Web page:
feeling thorny – rose care

When we checked in on the garden last, I promised I’d give you some tips on taking care of roses.  I recently attempted pruning back my rose bushes and I gotta tell you, it’s not relly much fun. After getting all clawed up from the thorns and almost throwing in the pruners, a friendly neighbor happened by and offered his expertise. Since I don’t really know what I’m doing when it comes to this, I was pretty relieved!  He was so sweet and helpful and I learned a lot from that quick conversation! Inspired, I looked up some more info on the net, and thought I’d share my newly gained knowledge to spare you all the wolverine-like scratches down your arms. You’re welcome.

Rose Care 101 Annual Pruning

The articles on rose care can be pretty confusing, so I hoped to simplify some of it for you.  I have a climbing rose and a bush variety, and that’s what I’m going to be talking about. I figure those are the most popular varieties anyway, right?

First things first: WHEN to prune? In the winter after the last frost. This is a dormant time, and sap is not flowing yet. Apparently that’s important, because if you prune too late you risk draining too much sap from the rose plant and that’s bad news bears. Less sap = weaker plant = more prone to all sorts of scary sounding stuff. If you prune too early, you risk zapping the freshly shorn plant with frost come freeze warning time. Don’t prune the first year, though. Let your baby rosebush grow the first year however it wants. This makes it strong. Do remove suckers from the root ball the first year though. Ahem. Mind out of the gutter, please. A sucker is anything growing on the bottom half of your root ball/bud union/stem system.  Also known as the bottom of the plant.

Now, HOW you do it. The hard part. At least I knew the when, HOW was my downfall. Follow along:

Second year (or if you’ve been ignoring your roses for a while)- Hard pruning: cut back 4-5″ of the plant, which beefs up your root system and creates new, stronger canes/stems from bud union.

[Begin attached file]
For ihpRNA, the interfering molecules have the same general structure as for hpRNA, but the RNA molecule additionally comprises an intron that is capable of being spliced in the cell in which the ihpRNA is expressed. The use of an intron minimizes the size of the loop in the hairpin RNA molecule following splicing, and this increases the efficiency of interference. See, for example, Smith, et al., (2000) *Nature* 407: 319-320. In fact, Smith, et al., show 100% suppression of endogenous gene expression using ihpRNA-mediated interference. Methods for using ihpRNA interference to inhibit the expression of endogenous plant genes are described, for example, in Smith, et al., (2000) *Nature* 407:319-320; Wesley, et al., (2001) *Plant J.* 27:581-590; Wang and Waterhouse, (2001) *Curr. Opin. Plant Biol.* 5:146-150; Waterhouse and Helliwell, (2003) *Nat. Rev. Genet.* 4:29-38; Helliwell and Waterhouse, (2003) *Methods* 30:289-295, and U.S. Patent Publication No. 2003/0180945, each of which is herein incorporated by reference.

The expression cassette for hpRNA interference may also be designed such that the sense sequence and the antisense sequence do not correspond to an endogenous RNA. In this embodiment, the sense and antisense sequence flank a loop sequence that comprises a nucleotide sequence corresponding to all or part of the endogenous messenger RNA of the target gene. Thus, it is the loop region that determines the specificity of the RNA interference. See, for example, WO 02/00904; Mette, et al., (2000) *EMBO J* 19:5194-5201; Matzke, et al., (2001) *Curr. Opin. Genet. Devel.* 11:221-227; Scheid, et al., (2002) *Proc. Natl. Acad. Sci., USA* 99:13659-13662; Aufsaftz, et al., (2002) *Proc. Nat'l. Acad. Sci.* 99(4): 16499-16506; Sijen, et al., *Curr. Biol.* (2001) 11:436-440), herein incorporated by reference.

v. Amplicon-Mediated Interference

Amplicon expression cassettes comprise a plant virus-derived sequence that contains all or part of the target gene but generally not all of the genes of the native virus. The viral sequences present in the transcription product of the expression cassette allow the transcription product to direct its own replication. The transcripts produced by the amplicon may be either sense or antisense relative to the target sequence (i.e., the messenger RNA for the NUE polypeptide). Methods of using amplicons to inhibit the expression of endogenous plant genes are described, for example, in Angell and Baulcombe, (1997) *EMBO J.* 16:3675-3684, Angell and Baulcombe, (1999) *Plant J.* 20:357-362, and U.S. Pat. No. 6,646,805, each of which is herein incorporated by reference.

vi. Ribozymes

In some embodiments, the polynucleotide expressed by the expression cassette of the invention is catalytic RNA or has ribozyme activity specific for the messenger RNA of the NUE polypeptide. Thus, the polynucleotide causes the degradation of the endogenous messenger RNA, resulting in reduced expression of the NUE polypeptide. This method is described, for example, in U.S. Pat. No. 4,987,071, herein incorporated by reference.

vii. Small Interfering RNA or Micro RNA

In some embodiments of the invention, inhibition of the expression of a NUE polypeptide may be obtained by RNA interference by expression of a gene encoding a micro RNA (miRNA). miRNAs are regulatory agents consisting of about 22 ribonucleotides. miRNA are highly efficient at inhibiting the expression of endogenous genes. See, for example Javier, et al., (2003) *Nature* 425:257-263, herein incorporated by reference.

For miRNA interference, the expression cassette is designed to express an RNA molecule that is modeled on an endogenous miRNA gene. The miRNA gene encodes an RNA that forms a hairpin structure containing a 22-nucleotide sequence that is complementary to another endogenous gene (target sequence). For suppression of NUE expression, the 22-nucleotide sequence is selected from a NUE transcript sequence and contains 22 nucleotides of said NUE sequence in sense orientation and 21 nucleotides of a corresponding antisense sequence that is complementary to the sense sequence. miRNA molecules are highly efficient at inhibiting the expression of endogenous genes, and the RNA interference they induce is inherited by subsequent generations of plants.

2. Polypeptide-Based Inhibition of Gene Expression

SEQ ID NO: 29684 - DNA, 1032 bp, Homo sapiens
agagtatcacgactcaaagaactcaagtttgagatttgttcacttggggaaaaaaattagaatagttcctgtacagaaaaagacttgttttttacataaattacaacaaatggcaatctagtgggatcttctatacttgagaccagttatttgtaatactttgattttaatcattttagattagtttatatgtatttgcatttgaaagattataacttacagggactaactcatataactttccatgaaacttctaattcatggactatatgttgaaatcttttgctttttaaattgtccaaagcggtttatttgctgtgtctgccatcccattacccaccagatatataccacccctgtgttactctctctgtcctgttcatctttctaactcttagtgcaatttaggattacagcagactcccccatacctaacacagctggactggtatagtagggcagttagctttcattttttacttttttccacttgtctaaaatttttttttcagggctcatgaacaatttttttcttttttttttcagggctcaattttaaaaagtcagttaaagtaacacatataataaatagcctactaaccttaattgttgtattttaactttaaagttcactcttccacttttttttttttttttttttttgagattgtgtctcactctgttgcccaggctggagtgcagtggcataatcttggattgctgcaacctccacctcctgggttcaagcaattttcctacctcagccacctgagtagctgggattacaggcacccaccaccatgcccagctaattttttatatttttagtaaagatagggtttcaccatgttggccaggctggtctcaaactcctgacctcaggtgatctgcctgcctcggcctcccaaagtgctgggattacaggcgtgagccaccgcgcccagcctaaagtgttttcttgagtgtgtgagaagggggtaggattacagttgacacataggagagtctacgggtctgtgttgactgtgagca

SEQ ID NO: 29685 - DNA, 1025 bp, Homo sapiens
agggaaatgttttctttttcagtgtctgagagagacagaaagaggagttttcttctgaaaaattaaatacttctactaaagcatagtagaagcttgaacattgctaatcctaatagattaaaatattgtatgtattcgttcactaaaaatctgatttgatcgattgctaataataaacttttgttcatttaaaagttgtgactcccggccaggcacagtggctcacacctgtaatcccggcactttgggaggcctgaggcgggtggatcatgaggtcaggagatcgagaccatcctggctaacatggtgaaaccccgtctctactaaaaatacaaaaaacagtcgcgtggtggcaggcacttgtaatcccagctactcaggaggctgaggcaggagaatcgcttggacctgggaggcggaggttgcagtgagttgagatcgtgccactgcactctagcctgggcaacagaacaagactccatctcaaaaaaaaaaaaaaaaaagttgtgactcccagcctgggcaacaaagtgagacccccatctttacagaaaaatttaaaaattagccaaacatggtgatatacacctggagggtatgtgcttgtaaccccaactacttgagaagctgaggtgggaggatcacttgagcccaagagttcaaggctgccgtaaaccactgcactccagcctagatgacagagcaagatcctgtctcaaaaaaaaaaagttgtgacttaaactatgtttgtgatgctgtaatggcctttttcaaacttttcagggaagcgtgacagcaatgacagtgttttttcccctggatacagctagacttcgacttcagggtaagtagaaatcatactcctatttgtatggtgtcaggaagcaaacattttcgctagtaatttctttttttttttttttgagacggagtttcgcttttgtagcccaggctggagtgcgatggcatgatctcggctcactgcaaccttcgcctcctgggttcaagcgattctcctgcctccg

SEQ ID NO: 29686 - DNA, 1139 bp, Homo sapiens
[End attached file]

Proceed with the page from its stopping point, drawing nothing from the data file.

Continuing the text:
Winter/Spring pruning– cut any dead, sick or damaged stems, and any thin, scraggly growth or canes that cross/rub together. Make sure when you cut that the inside of the stem is greenish white, brown insides mean the cane is dying or sick and needs to be removed. Try to contain your snip-happy self and don’t cut more than half the bush at a time.

Making your cuts: they should be one inch or less above an outward facing bud at a 45° angle in the direction you want your stem to grow. To quote bhg.com: “cuts should be 1/2″ above a leaf axle with a dormant eye.” Do whaaaaat?? In other words, make your cuts above the nubs in your stem that don’t have leaves coming out of it. Like this:

Rosebush 2014 Dormant Eye

Choose an eye/nub/thingee on the outside of the cane/stem and slope the cut down to the opposite side (45°, remember?). Cuts made closer than 1/4″ and more than 1/2″ could damage the cane/stem or create a nice little home for irritating buggers. You want to create a bowl shape with your plant right now and also cut anything low to the ground so that your pretty plant will get lots of air circulation and grow big for you. Finally, use a sealant to put on the cuts you make so that nasty stem borers don’t get in there and kill your plant from the inside out.  You can use glue, lipstick, nail polish or acrylic paint.

Rosebush 2014 Sealed Cuts

Summer pruning– for bush-type roses, you’ll want to deadhead and lightly prune after each flush of flowers to encourage more blooms and maintain the plant’s shape. Climbing roses will flower all along their stems if you train the stems horizontally. *this was sort of a eureka! moment for me, since mine only bloom at the top of each stem.* After each flush of flowers, deadhead and cut back the flowering stems to the first 2-3 sets of leaves. Once the stems are trained on a climber, prune back after the summer bloom to the first 3-4 sets of leaves and reshape at the start of winter. Also, apparently the plant will grace you occasionally with a new, long stem from the base of the plant. This bad boy should be left alone because it’s supposedly pretty important to the strength of the plant. Additionally, cutting each side stem to the lowest possible 5-leaf point will force the plant to flower along the entire length of the stem. I’ll have to give that a whirl next time, since I discovered this nugget of wisdom after I Edward Scissorhanded my rose bushes.

Last, but not least, contain yourself and don’t fertilize for 3 to 4 weeks after pruning.

I hope this helps you sort out what to do with your rose pruners. I know I’ll be better off next year with this info-shame I didn’t wait to chop my rosebushes until AFTER I surfed the net. Figures, huh? Here are a couple more links if you want more information: Rose Magazine and American Rose Society. Do you have any tips to share? Please do! My rose bushes will thank you for it!

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About amy

I'm a crafter, a wife, a gardener, an aunt, a sister, a daughter, an entertainer, a reader, a creator. I like to read and paint and cook and relax with friends. Life is a gift, and I live it to the fullest!
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3 Responses to feeling thorny – rose care

  1. Pingback: Looking Back: February | painted posies

  2. Pingback: checking in on the garden: march 2014 | painted posies

  3. Pingback: one last look back to move forward | painted posies

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